Area where residents value learning

Residents of the University District take pride in its diversity and youthful vibrancy that only a college town can exude.

Since the University of Washington moved from downtown to this part of Seattle in 1895, it's had a close relationship with the streets that surround it. Here, the purple-and-gold elephant in the room sits on 643 acres, making up a huge chunk of the district.

"I think absolutely the most unique thing is the University of Washington in the center of our neighborhood," said Teresa Lord Hugel, executive director of the Greater University Chamber of Commerce.

The university creates an atmosphere of learning, research and exploration that spills over to the community, said Aaron Hoard, deputy director of regional affairs at the UW.

Residents often visit the university for lectures, museum exhibits, concerts and of course, Husky games.

And they stay in the neighborhood for its 200-plus restaurants, movie theaters, bookstores and numerous coffee shops and bars.

The district is bordered by Interstate 5 on the West, Portage and Union bays on the south and roughly following Northeast Ravenna Boulevard to the north and then down past the University Village shopping center, according to the chamber. The neighborhood is bisected by Northeast 45th Street.

In recent years, the city's revitalization campaign for University Way, also known as "The Ave," has added a greater police presence on the street, resurfaced the street and added trees and light poles.

UW architecture students even set up a temporary studio to assist local shop owners to redesign their storefront facades and apply for grants, Hoard said.

A longtime presence on the Ave has been Shiga's One World Shop at 4306 University Way N.E. The Asian gift store was founded by Andy Shiga, who died in 1993. The store is run by his wife, Toshimo Shiga.

When student demonstrations against the Vietnam War in the 1960s led to a rift between merchants and students, Andy Shiga, a peace activist, founded the University District Fair to ease tensions, said his son, Alfred Shiga.

"He always liked the interaction between the students," Alfred Shiga said. "I grew up reading books at the University Bookstore and got my undergrad degree in econ at the UW," said Shiga, 39, who now works as a real-estate broker in the University District. "I spent quite a lot of time walking up and down the street. If we were ever forced to move from the U District, we would probably just close," he said.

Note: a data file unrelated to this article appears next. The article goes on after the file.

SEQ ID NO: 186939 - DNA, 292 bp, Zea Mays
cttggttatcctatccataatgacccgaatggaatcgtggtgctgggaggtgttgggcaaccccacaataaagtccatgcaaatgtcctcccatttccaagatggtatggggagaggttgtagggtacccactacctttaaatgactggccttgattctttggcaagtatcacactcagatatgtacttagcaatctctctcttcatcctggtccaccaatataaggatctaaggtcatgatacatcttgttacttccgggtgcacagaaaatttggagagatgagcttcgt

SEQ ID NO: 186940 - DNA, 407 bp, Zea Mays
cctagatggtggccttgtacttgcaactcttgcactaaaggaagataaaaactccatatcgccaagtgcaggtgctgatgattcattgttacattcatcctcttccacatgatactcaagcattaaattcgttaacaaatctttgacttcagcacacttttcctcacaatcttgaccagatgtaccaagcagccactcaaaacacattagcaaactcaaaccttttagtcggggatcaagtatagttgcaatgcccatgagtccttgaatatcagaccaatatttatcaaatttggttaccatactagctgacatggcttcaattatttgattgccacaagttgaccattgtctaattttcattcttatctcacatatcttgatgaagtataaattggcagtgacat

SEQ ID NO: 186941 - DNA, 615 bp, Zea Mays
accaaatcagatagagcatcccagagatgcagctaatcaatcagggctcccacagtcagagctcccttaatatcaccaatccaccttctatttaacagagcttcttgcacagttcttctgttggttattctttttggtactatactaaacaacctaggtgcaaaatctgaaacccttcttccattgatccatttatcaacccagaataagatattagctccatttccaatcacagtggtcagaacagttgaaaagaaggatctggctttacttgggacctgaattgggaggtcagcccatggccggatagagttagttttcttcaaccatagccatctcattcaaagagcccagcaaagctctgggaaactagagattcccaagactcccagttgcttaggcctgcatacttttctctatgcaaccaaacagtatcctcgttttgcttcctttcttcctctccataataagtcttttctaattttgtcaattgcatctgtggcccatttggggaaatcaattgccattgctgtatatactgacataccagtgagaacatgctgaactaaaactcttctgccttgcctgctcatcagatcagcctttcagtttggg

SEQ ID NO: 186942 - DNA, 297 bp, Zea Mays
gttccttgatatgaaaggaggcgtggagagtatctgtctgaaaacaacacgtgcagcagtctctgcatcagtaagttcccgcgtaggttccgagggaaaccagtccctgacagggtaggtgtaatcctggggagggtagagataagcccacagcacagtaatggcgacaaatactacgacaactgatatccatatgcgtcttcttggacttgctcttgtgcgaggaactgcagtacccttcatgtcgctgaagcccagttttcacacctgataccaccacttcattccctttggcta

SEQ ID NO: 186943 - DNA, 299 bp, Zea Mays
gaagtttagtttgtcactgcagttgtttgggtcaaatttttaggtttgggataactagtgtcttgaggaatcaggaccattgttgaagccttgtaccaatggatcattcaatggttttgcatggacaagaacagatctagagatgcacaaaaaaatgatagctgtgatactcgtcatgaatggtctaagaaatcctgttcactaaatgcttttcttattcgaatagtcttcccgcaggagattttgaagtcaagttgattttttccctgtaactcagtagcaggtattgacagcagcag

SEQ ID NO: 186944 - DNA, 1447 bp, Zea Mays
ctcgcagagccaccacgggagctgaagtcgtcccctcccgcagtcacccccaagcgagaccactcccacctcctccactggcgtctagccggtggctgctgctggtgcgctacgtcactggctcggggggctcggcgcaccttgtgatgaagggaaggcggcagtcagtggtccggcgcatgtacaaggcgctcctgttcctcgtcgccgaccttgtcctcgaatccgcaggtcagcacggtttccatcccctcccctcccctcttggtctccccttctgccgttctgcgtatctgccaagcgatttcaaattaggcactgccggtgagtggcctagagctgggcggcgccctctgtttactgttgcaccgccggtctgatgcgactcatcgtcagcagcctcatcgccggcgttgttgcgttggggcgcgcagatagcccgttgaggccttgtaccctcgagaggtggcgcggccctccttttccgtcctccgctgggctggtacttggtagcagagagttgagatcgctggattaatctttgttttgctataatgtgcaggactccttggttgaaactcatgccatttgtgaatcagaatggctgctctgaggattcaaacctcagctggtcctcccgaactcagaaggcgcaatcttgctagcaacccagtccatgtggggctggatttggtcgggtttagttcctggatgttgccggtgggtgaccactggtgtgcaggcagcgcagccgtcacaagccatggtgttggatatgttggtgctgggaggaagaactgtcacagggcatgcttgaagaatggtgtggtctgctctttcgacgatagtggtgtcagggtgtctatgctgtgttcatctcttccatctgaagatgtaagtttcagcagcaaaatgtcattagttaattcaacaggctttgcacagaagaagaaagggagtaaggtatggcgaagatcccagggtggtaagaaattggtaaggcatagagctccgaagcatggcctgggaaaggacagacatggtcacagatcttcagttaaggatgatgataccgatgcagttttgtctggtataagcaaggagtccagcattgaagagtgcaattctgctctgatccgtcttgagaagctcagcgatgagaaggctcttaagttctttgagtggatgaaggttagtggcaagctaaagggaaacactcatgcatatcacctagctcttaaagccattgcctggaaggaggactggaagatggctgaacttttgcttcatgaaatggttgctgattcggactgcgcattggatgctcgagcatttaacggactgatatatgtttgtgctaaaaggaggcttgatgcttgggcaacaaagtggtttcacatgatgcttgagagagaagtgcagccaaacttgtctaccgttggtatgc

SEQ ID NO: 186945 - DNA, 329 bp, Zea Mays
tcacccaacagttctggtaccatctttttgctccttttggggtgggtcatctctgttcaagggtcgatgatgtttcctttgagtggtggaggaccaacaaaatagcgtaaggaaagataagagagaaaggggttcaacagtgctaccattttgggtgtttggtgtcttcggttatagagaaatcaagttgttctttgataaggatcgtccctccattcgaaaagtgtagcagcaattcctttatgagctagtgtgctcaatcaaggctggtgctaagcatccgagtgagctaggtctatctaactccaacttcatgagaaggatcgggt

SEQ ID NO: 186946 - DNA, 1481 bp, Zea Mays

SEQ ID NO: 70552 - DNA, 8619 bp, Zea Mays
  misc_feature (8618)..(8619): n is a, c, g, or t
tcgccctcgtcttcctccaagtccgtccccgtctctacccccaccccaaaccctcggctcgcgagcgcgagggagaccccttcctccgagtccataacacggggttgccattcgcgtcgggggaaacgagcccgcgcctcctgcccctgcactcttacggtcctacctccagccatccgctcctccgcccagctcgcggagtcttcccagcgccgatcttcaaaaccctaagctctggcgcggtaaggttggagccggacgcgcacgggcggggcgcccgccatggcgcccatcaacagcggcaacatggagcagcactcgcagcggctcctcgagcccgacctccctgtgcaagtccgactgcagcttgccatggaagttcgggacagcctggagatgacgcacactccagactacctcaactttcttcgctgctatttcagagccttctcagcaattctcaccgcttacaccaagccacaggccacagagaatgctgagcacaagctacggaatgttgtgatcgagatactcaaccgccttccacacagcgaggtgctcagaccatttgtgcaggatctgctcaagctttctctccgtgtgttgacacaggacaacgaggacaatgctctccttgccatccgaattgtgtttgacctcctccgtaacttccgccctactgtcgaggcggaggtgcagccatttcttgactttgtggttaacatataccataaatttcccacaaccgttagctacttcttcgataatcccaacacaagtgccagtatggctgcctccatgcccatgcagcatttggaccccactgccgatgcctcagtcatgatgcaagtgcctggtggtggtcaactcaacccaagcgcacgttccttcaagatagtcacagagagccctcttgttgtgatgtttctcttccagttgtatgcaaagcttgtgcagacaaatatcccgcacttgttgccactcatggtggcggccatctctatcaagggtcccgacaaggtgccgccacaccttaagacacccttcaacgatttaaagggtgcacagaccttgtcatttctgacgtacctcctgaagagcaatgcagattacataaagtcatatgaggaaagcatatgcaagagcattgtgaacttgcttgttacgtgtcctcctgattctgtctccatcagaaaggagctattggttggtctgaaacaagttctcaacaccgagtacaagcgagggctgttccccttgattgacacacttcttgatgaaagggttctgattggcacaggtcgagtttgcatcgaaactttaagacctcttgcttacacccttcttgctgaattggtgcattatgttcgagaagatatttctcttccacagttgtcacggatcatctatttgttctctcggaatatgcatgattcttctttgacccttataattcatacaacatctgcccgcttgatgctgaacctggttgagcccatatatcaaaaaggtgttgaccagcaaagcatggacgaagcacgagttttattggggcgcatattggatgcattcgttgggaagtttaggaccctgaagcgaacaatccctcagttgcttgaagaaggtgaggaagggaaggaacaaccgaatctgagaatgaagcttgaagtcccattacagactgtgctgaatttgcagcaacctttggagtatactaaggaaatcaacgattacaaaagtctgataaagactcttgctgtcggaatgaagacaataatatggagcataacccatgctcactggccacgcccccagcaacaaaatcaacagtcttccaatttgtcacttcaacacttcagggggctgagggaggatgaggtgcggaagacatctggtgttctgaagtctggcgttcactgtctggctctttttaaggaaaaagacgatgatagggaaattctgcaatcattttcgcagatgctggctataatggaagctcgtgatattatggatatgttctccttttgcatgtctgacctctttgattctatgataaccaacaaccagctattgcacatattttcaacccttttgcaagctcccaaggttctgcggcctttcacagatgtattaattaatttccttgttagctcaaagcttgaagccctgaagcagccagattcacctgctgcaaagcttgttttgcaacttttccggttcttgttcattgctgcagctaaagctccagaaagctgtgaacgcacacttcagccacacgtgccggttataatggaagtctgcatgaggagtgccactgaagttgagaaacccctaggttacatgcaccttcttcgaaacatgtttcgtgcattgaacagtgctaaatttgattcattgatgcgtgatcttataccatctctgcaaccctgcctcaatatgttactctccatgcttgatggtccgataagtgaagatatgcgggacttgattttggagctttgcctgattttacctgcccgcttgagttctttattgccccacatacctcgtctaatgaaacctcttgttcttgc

In recent years condominiums have been built or are under construction. The median price of a home sold in the area of Seattle that includes the University District was $430,000 in October, up 6.7 percent from the year before, according to figures compiled by the Northwest Multiple Listing Service.

Since the majority of UW's nearly 40,000 students are commuters, there are excellent bus services to and from the area, Hoard added. Sound Transit's proposed light-rail link to the UW from downtown got federal government support, it was announced this past week.

For Ken Deering, who moved to the University District 29 years ago after graduating from the University of Washington, the area has a number of benefits.

"We spent two years here without a car. There are so many things you can do on foot," he said.

Deering raised two children in the neighborhood and said they benefited from the area's diversity. "I think it broadened their views about things, there is so much racial and ethnic diversity."

Resident and UW sophomore Heather Senn, 19, said she loves the restaurants.

"Whenever I leave the neighborhood with friends, I always say, 'Let's go eat back at the U District.' The food here is cheap and really diverse; you can get anything from Italian to Pakistani," she said.

"No one sleeps here. It's like New York. Whenever I walk at night here I'm not scared, there are always people around."

For Chris Curtis, director of the Neighborhood Farmer's Market Alliance, the University District was an ideal location to start the city's first neighborhood farmer's market in 1993.

Curtis started it with 17 farmers and 800 visitors on opening day. Thirteen years later, the Saturday market now is the city's oldest and largest and averages 50 farmers and about 4,000 shoppers on a market day. This year is the first year that it will run year-round, she added.

The University District also breeds tolerance, she said.

"It represents all of us, young and old, rich and poor. Plus I love the fact that the university has such a profound impact on the street."

The "Ave" in the University District is always bustling with people. Streets were resurfaced and trees and light poles were added in a recent revitalization campaign. (AMANDA SMITH / THE SEATTLE TIMES)

University District

Population: 22,817 (2006 est.)

Distance to downtown Seattle: 4.5 miles

Schools: The University District is served by the Seattle School District.

Recreation/museums: Ravenna Park, 5520 Ravenna Ave. N.E. A 50-acre wooded ravine that connects two picnic areas just north of the University District, it is a popular spot for hiking, jogging and picnics. The park includes a play area for children, a wading pool, ballfield, trails and tennis courts. Burke Museum of Natural History and Culture, UW campus at 17th Avenue Northeast and Northeast 45th Street. Henry Art Gallery, UW campus, 15th Ave Northeast and Northeast 41st Street.

Fun fact: Why University Way Northeast is called "The Ave." The street got its nickname in 1919, when it was officially known as 14th Avenue Northeast. Locals felt a numbered street was not a suitable name for the principal business street in the University District, and gave it a pet name. And then the University Commercial Club ran a contest to rename 14th Avenue. Club member Arthur Quigley's "University Way" won the street name contest.

— Seattle Times news researcher Miyoko Wolf